Monday, September 27, 2010

Making macarons

I’ve had my fair share of macarons in Paris (47 in one day??). I hosted the macaron smackdown, trying to decide who made the very best in town. I figured it was time to learn how to make them. So I took La Cuisine Paris’ macaron class.

And I will never complain about paying two euros for a three-bite snack again.

I knew these little beauties were tricky business. But I didn’t realize all the little things that can go wrong. Everything from the sugar type to egg white measurement, to the oven’s accuracy to the weather can affect their outcome (“Humidity is the enemy of macarons,” Diane, our instructor told us—and it was rainy outside.). They’re finicky, requiring many individual steps, a good deal of baking experience and experimentation, and a lot of time on your feet.

The ten of us in class took challenge seriously.

We measured the egg whites and butter and combined the cream and chocolate…

We followed instructions for the proper sifting, folding and whipping techniques…

We proceeded with the deliberate pastry piping execution to get the shiny, crackly cookie croute and proper foot (that little bumpy edge).

We filled half with dark chocolate and raspberry jam; the other half was white chocolate and raspberry. The cookies themselves, I learned aren’t flavored; it’s all in the filling.

They weren’t exactly the prettiest specimens. But, being as they were a Pierre Hermé recipe, they were pretty tasty.

And mine, gone in about two minutes.


  1. I'm impressed. Apparently those tasty little suckers are hard to make.

    There's a better way to get homemade macarons -- I found a kid's macaron-making class! I'm going to put Big Fry to work, heh heh.

    La Mom
    An American Mom in Paris

  2. So are you going to bring that recipe home with you? YUM! xoxo

  3. WOWZA!!!
    BRAVO PH macs to boot!!
    and a double parfum!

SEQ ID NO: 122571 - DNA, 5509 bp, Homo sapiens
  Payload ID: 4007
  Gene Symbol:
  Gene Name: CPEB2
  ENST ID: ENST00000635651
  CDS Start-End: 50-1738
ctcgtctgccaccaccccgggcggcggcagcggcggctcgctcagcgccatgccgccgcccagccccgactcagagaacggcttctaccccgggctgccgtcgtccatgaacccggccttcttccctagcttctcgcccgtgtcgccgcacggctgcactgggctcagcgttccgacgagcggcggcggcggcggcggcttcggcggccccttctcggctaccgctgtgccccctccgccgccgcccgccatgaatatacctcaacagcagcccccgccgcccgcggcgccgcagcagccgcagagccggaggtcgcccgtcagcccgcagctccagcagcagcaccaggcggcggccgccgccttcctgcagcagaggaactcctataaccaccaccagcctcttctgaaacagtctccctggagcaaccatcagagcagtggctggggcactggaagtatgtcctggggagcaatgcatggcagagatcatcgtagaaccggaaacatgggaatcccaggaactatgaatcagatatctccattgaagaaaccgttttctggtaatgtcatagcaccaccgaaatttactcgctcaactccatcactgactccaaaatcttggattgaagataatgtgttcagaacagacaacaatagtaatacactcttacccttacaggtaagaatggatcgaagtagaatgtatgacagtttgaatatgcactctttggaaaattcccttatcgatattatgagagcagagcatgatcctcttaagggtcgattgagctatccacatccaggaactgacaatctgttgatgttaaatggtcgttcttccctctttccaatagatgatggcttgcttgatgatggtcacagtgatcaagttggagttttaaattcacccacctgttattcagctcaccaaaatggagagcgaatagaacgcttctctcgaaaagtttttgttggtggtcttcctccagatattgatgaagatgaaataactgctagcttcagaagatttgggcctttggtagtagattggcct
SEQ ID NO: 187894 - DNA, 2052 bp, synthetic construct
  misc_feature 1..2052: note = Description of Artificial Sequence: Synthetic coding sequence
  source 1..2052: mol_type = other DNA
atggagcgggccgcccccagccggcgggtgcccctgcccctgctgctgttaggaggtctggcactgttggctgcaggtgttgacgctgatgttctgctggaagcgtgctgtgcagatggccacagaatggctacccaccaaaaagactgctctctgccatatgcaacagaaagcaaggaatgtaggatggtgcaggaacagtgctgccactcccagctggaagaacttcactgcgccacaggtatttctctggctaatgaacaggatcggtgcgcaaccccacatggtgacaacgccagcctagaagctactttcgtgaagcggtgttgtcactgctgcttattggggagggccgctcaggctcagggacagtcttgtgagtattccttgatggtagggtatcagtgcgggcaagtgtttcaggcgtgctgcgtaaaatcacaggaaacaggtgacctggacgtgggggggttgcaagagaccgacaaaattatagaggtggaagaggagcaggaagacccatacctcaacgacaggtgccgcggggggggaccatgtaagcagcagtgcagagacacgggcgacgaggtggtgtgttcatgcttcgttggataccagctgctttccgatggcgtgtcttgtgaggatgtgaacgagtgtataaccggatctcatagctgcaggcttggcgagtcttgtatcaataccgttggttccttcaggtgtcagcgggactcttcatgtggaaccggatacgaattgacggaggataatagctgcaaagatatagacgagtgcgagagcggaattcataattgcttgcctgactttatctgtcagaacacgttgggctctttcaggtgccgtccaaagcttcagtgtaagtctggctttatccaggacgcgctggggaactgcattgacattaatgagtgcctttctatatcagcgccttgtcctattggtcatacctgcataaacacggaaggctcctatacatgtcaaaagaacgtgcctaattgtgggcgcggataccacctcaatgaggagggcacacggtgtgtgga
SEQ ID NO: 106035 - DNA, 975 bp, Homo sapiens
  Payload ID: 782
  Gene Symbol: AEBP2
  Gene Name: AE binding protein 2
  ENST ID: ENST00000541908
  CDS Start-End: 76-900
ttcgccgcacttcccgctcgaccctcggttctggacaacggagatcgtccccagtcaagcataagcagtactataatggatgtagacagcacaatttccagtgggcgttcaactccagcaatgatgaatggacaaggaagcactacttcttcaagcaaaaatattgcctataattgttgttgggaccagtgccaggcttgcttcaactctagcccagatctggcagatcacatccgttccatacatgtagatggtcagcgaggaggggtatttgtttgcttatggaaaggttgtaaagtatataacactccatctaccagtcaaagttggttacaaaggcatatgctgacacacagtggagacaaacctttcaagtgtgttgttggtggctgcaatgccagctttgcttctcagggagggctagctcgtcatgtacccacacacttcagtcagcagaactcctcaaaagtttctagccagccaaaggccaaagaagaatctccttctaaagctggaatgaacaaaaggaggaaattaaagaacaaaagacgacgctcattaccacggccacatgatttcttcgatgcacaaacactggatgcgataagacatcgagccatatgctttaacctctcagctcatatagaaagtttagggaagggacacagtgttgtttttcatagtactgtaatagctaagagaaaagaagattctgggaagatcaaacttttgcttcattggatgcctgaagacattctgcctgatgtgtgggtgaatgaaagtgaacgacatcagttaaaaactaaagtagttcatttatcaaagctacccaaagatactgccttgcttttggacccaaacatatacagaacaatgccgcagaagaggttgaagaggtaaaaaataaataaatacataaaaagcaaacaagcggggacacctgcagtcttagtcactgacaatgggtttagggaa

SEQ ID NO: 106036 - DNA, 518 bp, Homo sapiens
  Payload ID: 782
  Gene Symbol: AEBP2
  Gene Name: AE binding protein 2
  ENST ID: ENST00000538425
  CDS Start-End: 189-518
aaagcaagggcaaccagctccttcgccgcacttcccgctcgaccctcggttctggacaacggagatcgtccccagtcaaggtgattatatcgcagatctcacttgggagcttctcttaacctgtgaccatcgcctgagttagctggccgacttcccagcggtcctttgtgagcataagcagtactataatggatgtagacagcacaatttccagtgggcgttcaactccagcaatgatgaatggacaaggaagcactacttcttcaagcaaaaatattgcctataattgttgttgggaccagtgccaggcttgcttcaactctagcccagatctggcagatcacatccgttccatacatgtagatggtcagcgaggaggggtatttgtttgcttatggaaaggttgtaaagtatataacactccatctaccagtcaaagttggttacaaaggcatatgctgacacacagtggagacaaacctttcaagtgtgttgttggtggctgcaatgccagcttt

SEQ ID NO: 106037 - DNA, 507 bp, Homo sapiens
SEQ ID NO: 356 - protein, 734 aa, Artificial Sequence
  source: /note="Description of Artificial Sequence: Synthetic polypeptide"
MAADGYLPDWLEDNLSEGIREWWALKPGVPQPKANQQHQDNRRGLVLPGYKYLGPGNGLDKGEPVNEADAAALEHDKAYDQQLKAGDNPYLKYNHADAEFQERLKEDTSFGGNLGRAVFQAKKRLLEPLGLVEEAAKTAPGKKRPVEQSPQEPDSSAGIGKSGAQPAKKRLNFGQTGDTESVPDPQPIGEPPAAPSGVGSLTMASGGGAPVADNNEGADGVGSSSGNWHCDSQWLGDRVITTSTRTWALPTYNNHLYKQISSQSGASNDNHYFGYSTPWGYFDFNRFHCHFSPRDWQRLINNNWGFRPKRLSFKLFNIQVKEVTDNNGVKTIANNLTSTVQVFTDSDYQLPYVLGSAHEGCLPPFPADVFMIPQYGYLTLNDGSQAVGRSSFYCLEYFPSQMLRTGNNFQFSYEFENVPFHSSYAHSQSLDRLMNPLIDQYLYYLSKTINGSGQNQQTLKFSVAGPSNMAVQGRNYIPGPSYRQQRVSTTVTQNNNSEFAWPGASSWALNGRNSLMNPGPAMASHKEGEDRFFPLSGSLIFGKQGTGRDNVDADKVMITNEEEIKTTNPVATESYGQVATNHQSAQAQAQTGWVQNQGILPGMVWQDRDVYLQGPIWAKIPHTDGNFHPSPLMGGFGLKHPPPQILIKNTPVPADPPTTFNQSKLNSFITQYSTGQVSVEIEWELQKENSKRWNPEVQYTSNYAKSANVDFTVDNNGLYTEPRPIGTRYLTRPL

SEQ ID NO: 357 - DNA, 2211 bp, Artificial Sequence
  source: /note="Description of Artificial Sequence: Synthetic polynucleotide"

did you age ze egg whites?
    48-72 heurs?

  4. ps
    I'll be making citron et chocolat
    the power of the written word!

  5. I just found your blog via parisbreakfast!!! Woweee, i luv it! CHEERS! Michele

  6. you made my day by telling how humid weather can influence the outcome of macarons... I made some yesterday....not a big succes.... Not like other times I have made them. Well, you can't win them all:)
    And bravo for your macarons. They look perfect and delicious!

  7. Merci, mes amis! They were certainly delicious but I think I am too impatient to attempt macarons chez-moi. La Mom, since I don't have any fries, I will be forced to continue supporting M. Hermé, the Ladurée empire and all the small patisseries. Oh well, there are worse fates, n'est-ce pas??

    Carol, we skipped and/or ignored many of the rules of thumb for proper macaron-making since it was a two-hour course. But our instructor did say it's good to use egg whites that had been separated a day or two in advance, but we cracked and separated on the spot.

    Erin, thanks for the kind words and, Cafe Creme, I'm sure yours were delicious too! Humidity be damned!

    Et, Pug, bienvenue!!

  8. Hello. You are right, Macarons recipes are pretty hard to learn in a two hours class. But with good instructor you can achieve it. For example, my wife and I took a Macaron Cours at Le Foodist ( and under the guidance of Amanda we achieved perfect Macarons, so I recommend it.